Virginia Supreme Court Redistricting Map Drafts Shake Up Incumbents


The Virginia Supreme Court’s special masters released their first redistricting map proposals Tuesday, receiving mixed reactions over what will be a major shakeup for Virginia incumbents if final drafts are similar to the proposals.

The court chose Republican-nominated Sean Trende and Democratic-nominated Bernard Grofman to draw the maps.

These maps reflect a true joint effort on our part. We agreed on almost all issues initially, and the few issues on which we initially disagreed were resolved by amicable discussion,” the special masters wrote in a memo. “[W]e took seriously the Court’s command that, although we were nominated by the political parties, we would behave in ‘an apolitical and nonpartisan manner.’ Our duty is owed not to the parties that nominated us, but rather to the Court that appointed us and to the residents of the Commonwealth that it serves.”

APL Consulting President Andrew Loposser, who is also the Arlington GOP executive committee chair, told The Virginia Star that the proposals are “less than ideal for Republicans.”

Delegate Marcus Simon (D-Fairfax), who was part of Virginia’s failed Redistricting Commission, is concerned by lines that split communities of interest.

A flawed and opaque redistricting process has produced flawed and problematic maps. On first glance they may appear to be an improvement over existing lines, but the closer you look the worse they get,” he tweeted.

“It’s just a first draft,” CNalysis Director Chaz Nuttycombe told The Star. “What I will say, I think it’s a much better start than what the commission was producing.”

Congressional Map

Although the overall lean of the maps appears to favor Democrats, the congressional map is bad for Virginia’s three congresswomen, all Democrats.

Representative Abigail Spanberger (D-VA-07) would reside entirely outside district seven in the new maps which would split Henrico and Goochland between conservative districts one and five. The new district seven, moved to Northern Virginia, would be less competitive and provide opportunity for a more progressive Democrat like Jennifer Carrol Foy.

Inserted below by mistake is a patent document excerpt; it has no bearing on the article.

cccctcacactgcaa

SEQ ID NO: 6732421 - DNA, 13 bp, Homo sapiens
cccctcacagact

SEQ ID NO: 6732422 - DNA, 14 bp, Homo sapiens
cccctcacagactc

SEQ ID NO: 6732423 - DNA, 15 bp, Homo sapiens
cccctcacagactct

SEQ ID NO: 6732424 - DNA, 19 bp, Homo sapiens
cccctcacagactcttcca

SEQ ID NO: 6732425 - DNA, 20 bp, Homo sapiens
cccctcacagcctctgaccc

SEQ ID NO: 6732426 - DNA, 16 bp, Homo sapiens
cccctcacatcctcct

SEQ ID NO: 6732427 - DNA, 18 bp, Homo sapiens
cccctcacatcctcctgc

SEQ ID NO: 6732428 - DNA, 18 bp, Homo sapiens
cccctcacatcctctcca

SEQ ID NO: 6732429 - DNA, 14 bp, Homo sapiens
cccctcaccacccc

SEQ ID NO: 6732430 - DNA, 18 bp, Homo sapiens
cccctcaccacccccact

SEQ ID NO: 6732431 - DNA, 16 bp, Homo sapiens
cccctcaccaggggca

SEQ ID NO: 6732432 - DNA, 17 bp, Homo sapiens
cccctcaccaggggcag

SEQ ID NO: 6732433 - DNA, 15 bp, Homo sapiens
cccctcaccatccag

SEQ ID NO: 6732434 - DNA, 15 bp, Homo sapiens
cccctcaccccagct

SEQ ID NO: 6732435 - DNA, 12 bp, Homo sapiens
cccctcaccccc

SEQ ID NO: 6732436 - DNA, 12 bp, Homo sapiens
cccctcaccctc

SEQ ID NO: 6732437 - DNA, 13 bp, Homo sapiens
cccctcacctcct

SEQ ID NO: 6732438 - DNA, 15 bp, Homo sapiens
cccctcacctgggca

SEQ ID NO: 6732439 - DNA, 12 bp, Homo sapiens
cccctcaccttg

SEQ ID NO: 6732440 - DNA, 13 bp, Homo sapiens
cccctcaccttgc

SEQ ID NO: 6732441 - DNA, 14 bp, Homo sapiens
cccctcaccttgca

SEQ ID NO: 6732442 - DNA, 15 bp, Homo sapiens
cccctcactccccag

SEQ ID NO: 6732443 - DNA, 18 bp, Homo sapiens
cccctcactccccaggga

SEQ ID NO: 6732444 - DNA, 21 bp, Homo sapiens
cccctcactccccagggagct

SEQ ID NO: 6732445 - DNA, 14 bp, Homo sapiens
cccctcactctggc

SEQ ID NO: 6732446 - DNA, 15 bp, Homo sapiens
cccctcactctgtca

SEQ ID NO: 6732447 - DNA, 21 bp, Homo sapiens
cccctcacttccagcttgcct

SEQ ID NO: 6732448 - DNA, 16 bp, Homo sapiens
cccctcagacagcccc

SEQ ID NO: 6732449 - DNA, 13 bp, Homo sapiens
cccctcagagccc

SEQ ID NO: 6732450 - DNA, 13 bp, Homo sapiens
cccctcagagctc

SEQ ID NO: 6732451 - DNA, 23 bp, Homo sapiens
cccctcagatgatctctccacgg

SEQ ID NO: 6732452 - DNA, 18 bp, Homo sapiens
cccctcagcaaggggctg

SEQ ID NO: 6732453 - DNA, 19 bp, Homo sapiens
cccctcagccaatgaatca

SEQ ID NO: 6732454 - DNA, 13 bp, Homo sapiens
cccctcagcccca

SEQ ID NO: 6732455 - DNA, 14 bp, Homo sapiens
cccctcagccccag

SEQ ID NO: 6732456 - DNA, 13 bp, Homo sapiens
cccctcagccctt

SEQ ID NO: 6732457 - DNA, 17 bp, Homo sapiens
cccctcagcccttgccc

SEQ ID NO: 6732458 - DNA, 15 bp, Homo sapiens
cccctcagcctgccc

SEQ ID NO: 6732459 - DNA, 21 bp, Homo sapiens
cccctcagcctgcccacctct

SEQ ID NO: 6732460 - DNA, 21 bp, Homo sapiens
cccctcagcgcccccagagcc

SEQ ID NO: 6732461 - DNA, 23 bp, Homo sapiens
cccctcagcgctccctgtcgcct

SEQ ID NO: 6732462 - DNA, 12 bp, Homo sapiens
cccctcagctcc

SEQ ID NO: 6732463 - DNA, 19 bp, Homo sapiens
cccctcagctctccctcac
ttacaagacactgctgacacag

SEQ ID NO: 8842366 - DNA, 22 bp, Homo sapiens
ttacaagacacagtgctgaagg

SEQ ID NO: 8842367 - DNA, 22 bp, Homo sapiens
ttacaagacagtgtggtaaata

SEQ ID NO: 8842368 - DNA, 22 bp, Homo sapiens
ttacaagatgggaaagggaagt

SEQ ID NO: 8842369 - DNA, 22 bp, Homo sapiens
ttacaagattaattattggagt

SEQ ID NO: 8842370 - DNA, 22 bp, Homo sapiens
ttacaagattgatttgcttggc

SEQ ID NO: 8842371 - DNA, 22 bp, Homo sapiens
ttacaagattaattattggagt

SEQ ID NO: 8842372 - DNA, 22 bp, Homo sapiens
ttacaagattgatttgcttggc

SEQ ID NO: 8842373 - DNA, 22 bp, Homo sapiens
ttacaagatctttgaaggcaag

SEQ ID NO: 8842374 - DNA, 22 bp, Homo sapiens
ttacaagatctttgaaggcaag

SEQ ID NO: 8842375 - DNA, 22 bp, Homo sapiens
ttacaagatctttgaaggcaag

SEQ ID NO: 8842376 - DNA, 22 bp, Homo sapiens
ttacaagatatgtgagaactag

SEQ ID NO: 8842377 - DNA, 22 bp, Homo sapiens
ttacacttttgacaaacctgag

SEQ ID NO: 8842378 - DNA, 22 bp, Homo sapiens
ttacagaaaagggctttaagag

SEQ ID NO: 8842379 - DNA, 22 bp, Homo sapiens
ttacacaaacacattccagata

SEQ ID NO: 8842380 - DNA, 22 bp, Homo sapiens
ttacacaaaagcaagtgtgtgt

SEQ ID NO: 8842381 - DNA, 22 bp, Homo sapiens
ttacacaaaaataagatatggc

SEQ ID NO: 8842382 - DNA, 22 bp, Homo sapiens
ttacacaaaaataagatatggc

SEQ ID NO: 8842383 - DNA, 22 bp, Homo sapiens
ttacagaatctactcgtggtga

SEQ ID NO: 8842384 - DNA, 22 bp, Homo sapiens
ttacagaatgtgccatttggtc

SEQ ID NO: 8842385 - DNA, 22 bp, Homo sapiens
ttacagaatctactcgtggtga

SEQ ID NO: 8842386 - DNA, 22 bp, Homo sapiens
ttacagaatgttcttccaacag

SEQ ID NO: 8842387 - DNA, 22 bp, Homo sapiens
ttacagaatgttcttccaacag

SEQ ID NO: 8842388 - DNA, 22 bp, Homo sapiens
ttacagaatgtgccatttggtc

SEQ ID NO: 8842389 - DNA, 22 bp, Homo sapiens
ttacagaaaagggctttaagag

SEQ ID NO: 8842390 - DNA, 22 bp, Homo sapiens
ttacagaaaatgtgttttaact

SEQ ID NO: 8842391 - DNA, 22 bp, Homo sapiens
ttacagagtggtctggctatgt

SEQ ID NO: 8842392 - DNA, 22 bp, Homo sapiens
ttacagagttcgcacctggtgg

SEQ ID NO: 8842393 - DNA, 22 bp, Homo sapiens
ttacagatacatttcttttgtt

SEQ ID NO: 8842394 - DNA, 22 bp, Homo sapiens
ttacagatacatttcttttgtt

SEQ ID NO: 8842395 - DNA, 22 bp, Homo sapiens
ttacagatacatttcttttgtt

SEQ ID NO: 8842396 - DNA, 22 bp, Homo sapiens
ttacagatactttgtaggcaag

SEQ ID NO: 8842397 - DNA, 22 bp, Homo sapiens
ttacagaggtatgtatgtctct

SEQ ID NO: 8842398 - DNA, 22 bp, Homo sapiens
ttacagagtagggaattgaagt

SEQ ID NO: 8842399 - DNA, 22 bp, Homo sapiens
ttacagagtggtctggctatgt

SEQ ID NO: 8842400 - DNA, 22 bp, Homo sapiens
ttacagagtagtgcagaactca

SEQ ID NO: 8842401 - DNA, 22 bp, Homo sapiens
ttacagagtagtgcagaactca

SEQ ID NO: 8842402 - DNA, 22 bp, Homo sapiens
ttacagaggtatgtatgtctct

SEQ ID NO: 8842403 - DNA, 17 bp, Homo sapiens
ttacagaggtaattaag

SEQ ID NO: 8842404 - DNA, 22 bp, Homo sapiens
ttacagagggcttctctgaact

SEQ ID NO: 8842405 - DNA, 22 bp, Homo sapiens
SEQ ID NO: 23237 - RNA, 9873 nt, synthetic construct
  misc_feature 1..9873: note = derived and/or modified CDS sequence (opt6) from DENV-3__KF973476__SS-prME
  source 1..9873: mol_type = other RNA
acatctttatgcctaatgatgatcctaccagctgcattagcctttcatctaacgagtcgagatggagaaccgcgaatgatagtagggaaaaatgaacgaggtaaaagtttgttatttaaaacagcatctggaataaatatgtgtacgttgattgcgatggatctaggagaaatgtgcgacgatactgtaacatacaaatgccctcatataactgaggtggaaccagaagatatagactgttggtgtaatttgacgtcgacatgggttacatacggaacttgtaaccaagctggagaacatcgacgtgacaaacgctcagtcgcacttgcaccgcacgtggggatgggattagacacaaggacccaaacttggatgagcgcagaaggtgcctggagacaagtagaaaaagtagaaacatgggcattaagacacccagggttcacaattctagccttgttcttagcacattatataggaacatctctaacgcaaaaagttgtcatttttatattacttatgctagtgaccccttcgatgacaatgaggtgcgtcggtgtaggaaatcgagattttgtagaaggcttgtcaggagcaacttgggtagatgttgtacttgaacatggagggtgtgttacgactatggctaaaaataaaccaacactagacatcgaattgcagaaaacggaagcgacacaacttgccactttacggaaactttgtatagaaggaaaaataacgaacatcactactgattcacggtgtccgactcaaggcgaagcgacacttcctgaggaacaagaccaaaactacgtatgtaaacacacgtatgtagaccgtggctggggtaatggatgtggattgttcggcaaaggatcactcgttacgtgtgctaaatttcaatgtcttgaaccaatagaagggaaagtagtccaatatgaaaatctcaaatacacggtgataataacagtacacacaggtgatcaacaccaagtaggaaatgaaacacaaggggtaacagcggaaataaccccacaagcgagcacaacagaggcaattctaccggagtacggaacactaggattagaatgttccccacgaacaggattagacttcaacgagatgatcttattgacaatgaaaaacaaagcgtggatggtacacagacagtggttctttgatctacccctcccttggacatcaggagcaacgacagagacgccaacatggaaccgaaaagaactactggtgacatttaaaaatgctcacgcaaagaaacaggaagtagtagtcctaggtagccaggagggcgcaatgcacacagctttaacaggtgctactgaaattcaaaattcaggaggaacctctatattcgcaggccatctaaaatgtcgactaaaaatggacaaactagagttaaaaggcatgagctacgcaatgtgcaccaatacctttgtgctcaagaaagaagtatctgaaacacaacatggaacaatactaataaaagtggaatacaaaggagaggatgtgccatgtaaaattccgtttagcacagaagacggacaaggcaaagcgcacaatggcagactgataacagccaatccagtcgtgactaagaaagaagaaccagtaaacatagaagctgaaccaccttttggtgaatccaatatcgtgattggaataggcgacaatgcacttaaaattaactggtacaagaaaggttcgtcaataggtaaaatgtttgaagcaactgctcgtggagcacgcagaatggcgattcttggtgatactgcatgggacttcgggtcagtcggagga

The changes to that district’s lines also prompted statements from potential Republican candidates. Senator Bryce Reeves (R-Spotsylvania) said he’d run in Virginia’s tenth district. Taylor Keeney said she wouldn’t run against Congressman Rob Wittman (R-VA-01), although she’s waiting to see final maps. Other candidates are also watching for final results.

Nuttycombe said that under the proposal’s lines, State Senator Jen Kiggans (R-Virginia Beach) is likely to defeat Congresswoman Elaine Luria (D-VA-02), and Congresswoman Jennifer Wexton (D-VA-10) becomes more vulnerable to a GOP challenger, perhaps State Senator Jill Vogel (R-Fauquier), although Wexton likely maintains the advantage.

Overall, the proposed lines create five safe Democratic districts and four safe Republican districts, with districts two and ten competitive.

“I don’t mind the [congressional] lines. I actually like them,” Nuttycombe said. “The House of Delegates map needs a lot of work. The state Senate map needs a little work.”

General Assembly Maps

Nuttycombe said House of Delegates maps split Roanoke and the New River Valley unnecessarily.

The Virginia Public Access Project’s analysis of the proposal shows that the Senate maps would create one more strong Democratic and strong Republican seat than currently exist, but overall balance would remain the same: 21 seats that are strong or lean Democratic, and 15 seats that are strong or lean Republican, with four competitive.

House of Delegates Republicans lose three strong seats, but gain four lean Republican seats; Democrats gain eight strong seats, but lose 11 lean Democratic seats. That creates 50 Democratic seats, 40 Republican seats, and 10 competitive seats. Currently, there are 53 Democratic seats and 39 Republican seats with eight competitive seats, according to VPAP.

VPAP also reported that 52 out of 100 delegates are drawn into districts with other delegates, and 20 out of 40 senators are in districts with other senators.

A spokesperson for House of Delegates Speaker-nominee Todd Gilbert (R-Shenandoah) declined to comment, and a Senate GOP spokesperson said the caucus would comment to the Supreme Court. Senator Scott Surovell (D-Fairfax) did not return a request for comment.

The Virginia Supreme Court is accepting public comment and has two public hearings scheduled December 15 and 17 before the maps are finalized.

Loposser said, “I think it’s a little premature for candidates and Republicans across the state to be freaking out over these maps. We don’t know if the court will make these the final maps, or if they will make changes and come up with something different than what we see today. I think everyone needs to take a breath and wait for the court to finalize the maps before we start speculating on them.”

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Eric Burk is a reporter at The Virginia Star and The Star News Network.  Email tips to [email protected].




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